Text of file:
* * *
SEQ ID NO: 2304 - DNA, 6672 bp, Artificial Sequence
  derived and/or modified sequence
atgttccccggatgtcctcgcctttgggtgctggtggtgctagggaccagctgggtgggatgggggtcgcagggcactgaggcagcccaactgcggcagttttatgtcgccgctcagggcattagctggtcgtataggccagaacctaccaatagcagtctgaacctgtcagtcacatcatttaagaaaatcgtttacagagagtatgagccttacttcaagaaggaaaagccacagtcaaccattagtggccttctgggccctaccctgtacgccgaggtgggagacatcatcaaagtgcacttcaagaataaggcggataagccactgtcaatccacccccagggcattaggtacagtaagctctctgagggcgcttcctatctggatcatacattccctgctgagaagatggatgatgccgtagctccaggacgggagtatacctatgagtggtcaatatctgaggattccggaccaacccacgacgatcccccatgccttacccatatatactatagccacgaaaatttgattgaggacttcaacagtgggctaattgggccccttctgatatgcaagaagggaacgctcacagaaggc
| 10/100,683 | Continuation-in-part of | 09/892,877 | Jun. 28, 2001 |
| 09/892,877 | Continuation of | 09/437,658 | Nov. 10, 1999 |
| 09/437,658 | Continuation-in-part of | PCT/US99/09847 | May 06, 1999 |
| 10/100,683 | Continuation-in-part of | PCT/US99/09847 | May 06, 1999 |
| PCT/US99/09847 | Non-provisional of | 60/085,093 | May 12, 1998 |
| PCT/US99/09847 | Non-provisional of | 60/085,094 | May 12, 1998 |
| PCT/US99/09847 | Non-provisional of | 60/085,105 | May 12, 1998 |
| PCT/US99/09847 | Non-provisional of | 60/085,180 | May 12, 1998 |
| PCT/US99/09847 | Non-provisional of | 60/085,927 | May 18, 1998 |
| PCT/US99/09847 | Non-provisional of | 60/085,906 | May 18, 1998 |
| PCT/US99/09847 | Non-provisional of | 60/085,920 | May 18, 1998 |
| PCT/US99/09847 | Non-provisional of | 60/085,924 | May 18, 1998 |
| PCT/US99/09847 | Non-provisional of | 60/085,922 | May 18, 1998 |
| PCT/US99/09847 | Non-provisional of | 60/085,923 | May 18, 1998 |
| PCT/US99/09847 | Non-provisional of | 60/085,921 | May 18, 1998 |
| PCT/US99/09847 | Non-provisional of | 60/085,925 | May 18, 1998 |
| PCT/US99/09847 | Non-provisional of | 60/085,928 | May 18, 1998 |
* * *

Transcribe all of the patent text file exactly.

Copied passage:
SEQ ID NO: 2304 - DNA, 6672 bp, Artificial Sequence
  derived and/or modified sequence
atgttccccggatgtcctcgcctttgggtgctggtggtgctagggaccagctgggtgggatgggggtcgcagggcactgaggcagcccaactgcggcagttttatgtcgccgctcagggcattagctggtcgtataggccagaacctaccaatagcagtctgaacctgtcagtcacatcatttaagaaaatcgtttacagagagtatgagccttacttcaagaaggaaaagccacagtcaaccattagtggccttctgggccctaccctgtacgccgaggtgggagacatcatcaaagtgcacttcaagaataaggcggataagccactgtcaatccacccccagggcattaggtacagtaagctctctgagggcgcttcctatctggatcatacattccctgctgagaagatggatgatgccgtagctccaggacgggagtatacctatgagtggtcaatatctgaggattccggaccaacccacgacgatcccccatgccttacccatatatactatagccacgaaaatttgattgaggacttcaacagtgggctaattgggccccttctgatatgcaagaagggaacgctcacagaaggc
| 10/100,683 | Continuation-in-part of | 09/892,877 | Jun. 28, 2001 |
| 09/892,877 | Continuation of | 09/437,658 | Nov. 10, 1999 |
| 09/437,658 | Continuation-in-part of | PCT/US99/09847 | May 06, 1999 |
| 10/100,683 | Continuation-in-part of | PCT/US99/09847 | May 06, 1999 |
| PCT/US99/09847 | Non-provisional of | 60/085,093 | May 12, 1998 |
| PCT/US99/09847 | Non-provisional of | 60/085,094 | May 12, 1998 |
| PCT/US99/09847 | Non-provisional of | 60/085,105 | May 12, 1998 |
| PCT/US99/09847 | Non-provisional of | 60/085,180 | May 12, 1998 |
| PCT/US99/09847 | Non-provisional of | 60/085,927 | May 18, 1998 |
| PCT/US99/09847 | Non-provisional of | 60/085,906 | May 18, 1998 |
| PCT/US99/09847 | Non-provisional of | 60/085,920 | May 18, 1998 |
| PCT/US99/09847 | Non-provisional of | 60/085,924 | May 18, 1998 |
| PCT/US99/09847 | Non-provisional of | 60/085,922 | May 18, 1998 |
| PCT/US99/09847 | Non-provisional of | 60/085,923 | May 18, 1998 |
| PCT/US99/09847 | Non-provisional of | 60/085,921 | May 18, 1998 |
| PCT/US99/09847 | Non-provisional of | 60/085,925 | May 18, 1998 |
| PCT/US99/09847 | Non-provisional of | 60/085,928 | May 18, 1998 |